A door-to-door survey is carried out by the committee for physical verification of the beneficiaries identified. The list of beneficiaries approved by the committee is then submitted to the Foundation for support.

Selection of house design 

The house designs are selected by the communities themselves based on the topography, climatic, cultural, and artistic inclinations. The Foundation encourages the community to retain the aesthetics and inherent traditional features in efforts to preserve local cultural identity. The drawings are submitted to the block office, which will check to ensure that the houses meet the standard building requirements and have also incorporated disaster resilience elements before they approve.  

The houses are built with locally available raw materials like mud, stones and timber based on the climatic conditions and the local environment reducing the carbon footprint of the construction.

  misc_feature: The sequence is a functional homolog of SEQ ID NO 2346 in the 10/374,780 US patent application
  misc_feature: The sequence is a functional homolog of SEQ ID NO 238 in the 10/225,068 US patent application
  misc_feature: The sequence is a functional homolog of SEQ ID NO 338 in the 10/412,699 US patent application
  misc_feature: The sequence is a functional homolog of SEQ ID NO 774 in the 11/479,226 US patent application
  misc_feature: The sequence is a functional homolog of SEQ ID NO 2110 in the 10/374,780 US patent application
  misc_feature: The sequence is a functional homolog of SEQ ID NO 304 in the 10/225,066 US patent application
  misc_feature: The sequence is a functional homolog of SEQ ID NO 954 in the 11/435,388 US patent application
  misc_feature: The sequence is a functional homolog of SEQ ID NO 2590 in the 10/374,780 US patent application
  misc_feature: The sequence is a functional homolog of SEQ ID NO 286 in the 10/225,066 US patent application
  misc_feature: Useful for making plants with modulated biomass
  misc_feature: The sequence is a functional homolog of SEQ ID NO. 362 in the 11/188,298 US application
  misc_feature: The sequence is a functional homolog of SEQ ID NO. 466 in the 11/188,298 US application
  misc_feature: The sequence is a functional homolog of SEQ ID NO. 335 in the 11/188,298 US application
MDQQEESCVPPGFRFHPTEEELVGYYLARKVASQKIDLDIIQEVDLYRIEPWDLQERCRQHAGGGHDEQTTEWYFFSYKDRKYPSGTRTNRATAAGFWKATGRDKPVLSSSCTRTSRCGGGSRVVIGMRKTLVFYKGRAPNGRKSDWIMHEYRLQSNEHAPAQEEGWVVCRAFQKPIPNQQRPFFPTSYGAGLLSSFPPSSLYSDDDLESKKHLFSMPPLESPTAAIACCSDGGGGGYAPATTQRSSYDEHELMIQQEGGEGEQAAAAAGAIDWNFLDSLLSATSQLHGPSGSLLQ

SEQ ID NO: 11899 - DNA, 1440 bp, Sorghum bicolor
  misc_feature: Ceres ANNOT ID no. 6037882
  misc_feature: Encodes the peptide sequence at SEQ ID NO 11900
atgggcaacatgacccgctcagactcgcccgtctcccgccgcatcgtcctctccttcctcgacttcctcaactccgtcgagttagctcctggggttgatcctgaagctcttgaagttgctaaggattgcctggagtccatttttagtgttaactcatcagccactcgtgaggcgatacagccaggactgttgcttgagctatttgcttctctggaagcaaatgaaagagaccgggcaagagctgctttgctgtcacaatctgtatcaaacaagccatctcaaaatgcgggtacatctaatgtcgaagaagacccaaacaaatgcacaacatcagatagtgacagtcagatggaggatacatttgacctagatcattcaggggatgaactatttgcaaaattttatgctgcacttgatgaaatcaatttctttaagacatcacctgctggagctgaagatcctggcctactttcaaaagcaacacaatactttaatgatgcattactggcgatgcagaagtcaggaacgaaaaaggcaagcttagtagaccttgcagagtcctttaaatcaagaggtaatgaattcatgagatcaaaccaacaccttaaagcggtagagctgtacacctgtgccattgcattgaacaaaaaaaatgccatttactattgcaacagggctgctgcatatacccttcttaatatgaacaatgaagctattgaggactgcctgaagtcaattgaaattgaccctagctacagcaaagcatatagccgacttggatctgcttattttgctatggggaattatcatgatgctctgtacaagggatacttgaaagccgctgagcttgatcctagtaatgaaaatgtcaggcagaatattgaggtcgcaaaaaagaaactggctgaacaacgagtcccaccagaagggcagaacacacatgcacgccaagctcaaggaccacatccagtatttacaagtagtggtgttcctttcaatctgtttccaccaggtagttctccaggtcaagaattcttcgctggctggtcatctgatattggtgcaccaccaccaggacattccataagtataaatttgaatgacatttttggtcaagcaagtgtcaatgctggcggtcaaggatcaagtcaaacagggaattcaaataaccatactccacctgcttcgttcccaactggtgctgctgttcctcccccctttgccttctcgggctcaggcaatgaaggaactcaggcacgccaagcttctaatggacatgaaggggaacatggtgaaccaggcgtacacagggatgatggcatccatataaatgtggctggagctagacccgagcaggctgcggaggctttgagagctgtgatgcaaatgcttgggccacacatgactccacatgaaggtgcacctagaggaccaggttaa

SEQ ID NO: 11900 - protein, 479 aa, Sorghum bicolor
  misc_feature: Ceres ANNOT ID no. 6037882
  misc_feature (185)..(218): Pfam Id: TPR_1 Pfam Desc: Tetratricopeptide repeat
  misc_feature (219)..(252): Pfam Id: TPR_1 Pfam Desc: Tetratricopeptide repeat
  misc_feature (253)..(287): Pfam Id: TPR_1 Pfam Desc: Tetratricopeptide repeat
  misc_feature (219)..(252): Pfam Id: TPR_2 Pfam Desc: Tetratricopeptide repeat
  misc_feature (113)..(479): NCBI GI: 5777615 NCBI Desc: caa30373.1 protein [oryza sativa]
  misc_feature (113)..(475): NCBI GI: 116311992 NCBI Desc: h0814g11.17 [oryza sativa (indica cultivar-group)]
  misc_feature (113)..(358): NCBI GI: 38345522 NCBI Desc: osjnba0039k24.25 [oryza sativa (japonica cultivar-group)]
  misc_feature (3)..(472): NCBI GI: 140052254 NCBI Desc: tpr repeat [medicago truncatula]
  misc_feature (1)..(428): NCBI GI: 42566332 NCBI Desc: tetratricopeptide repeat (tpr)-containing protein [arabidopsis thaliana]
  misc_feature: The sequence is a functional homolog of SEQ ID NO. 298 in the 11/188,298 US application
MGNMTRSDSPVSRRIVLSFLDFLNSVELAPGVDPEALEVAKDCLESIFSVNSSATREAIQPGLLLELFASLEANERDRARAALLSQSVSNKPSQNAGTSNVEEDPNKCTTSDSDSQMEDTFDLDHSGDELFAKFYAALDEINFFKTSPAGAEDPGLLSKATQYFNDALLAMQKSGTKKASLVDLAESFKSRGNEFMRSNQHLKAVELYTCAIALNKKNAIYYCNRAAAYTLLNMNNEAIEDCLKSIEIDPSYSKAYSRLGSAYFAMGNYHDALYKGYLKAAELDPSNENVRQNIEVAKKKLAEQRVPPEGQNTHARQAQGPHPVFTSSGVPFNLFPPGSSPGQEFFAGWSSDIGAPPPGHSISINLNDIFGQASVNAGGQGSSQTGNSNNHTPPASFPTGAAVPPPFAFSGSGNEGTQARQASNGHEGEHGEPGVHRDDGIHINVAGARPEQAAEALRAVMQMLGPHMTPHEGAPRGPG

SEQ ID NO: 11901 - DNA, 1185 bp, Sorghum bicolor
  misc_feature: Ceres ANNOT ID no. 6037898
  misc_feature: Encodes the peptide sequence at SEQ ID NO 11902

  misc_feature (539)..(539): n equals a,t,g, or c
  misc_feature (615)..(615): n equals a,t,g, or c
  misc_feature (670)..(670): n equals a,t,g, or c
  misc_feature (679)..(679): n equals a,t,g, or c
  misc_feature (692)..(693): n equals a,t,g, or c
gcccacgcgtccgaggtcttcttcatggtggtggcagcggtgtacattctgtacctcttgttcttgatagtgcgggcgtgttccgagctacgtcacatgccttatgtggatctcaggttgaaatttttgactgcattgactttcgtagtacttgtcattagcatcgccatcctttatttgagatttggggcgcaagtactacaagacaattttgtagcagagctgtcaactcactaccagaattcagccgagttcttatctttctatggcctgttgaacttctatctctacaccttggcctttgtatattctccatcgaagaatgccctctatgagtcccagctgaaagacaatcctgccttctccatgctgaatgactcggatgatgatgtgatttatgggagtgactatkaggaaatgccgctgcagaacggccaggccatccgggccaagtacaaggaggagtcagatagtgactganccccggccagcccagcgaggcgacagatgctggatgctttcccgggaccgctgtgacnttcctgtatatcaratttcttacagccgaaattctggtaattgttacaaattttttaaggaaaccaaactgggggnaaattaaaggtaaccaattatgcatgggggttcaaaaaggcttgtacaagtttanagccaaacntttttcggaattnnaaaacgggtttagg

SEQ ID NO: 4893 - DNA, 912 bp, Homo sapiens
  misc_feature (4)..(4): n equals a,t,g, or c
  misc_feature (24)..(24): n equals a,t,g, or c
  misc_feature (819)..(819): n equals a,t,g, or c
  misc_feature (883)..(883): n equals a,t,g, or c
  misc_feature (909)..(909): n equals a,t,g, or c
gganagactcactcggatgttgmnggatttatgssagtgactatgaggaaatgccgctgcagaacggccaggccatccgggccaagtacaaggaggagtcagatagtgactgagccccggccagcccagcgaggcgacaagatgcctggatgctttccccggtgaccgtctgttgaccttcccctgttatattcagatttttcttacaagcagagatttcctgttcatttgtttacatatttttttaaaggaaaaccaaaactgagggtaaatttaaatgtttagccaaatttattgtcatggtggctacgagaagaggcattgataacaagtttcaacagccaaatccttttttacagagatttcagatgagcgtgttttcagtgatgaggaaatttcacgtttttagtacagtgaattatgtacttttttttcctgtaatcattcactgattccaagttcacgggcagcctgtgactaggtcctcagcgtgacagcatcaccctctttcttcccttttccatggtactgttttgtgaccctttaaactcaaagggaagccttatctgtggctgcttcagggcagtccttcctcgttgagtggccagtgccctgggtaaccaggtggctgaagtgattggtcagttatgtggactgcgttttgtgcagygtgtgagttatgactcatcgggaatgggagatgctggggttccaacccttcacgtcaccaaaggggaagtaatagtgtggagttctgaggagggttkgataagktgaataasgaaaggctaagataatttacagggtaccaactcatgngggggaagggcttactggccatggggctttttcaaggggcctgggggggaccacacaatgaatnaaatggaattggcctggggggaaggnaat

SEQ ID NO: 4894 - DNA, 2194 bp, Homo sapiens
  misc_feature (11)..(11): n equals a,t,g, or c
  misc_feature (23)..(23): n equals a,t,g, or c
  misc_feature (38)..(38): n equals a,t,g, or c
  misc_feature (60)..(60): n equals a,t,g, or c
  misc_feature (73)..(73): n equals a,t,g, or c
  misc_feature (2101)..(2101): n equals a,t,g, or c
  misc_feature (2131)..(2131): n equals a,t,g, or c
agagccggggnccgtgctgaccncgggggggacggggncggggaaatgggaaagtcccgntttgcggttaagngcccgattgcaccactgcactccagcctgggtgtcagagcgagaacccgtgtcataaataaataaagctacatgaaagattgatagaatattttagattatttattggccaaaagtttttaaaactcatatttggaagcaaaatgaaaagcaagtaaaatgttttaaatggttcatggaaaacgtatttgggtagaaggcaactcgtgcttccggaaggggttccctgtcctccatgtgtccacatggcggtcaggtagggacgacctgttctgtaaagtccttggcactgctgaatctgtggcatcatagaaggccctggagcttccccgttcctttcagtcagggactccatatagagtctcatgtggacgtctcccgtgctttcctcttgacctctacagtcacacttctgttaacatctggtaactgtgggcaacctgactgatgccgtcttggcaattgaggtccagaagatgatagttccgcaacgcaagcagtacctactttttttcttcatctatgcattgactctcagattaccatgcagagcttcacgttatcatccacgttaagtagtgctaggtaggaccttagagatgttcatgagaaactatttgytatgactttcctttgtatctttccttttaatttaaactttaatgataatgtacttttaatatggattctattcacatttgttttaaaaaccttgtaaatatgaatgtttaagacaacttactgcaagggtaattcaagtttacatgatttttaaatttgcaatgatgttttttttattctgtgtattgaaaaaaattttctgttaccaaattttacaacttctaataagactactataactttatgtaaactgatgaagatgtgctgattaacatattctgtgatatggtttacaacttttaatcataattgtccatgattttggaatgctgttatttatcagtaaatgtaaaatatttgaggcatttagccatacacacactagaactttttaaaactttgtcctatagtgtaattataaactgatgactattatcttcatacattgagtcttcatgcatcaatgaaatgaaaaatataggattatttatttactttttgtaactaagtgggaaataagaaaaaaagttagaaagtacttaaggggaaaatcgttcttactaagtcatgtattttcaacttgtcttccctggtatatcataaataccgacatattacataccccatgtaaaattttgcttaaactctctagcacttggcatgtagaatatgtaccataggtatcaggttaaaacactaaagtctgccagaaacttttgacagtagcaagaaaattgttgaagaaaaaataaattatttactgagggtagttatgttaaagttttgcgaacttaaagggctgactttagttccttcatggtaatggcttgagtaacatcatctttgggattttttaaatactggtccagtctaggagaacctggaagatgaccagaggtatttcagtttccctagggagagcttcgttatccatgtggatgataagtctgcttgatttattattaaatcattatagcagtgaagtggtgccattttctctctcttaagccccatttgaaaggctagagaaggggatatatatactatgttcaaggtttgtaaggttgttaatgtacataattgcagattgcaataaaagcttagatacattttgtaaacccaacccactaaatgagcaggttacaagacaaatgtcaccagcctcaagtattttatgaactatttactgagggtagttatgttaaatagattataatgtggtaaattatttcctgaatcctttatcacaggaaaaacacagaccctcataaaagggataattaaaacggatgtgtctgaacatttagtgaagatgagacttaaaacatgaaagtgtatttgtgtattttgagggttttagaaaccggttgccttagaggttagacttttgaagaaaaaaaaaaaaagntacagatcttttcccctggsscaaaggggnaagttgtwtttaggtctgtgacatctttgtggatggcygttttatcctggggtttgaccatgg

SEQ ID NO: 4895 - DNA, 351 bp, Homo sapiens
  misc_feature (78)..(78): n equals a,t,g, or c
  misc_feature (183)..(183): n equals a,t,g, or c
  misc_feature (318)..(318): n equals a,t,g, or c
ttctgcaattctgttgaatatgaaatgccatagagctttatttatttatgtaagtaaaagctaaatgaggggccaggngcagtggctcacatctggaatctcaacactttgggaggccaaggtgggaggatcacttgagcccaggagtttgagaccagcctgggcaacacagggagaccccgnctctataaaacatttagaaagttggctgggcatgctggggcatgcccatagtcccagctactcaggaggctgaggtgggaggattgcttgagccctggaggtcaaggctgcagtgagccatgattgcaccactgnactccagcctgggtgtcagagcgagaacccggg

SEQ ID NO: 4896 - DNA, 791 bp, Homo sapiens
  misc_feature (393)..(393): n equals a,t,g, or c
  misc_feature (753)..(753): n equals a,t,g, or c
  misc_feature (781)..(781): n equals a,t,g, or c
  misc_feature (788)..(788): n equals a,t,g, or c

A Programme Officer with guidance from the head office will coordinate the project activities from the Secretariat. The role includes liaising with relevant stakeholders, monitoring, and reporting to the donor. The Field Officers will facilitate in availing all the permits required such as land clearance, land demarcation, and timber permits. Most of these processes are alien to the communities we serve, and some could take months to get approval requiring frequent travels to the district headquarters.  The Field Officers spend close to 70% of their time facilitating these processes. Once the activities begin, the Field Officer will monitor the work daily and report monthly to the Secretariat.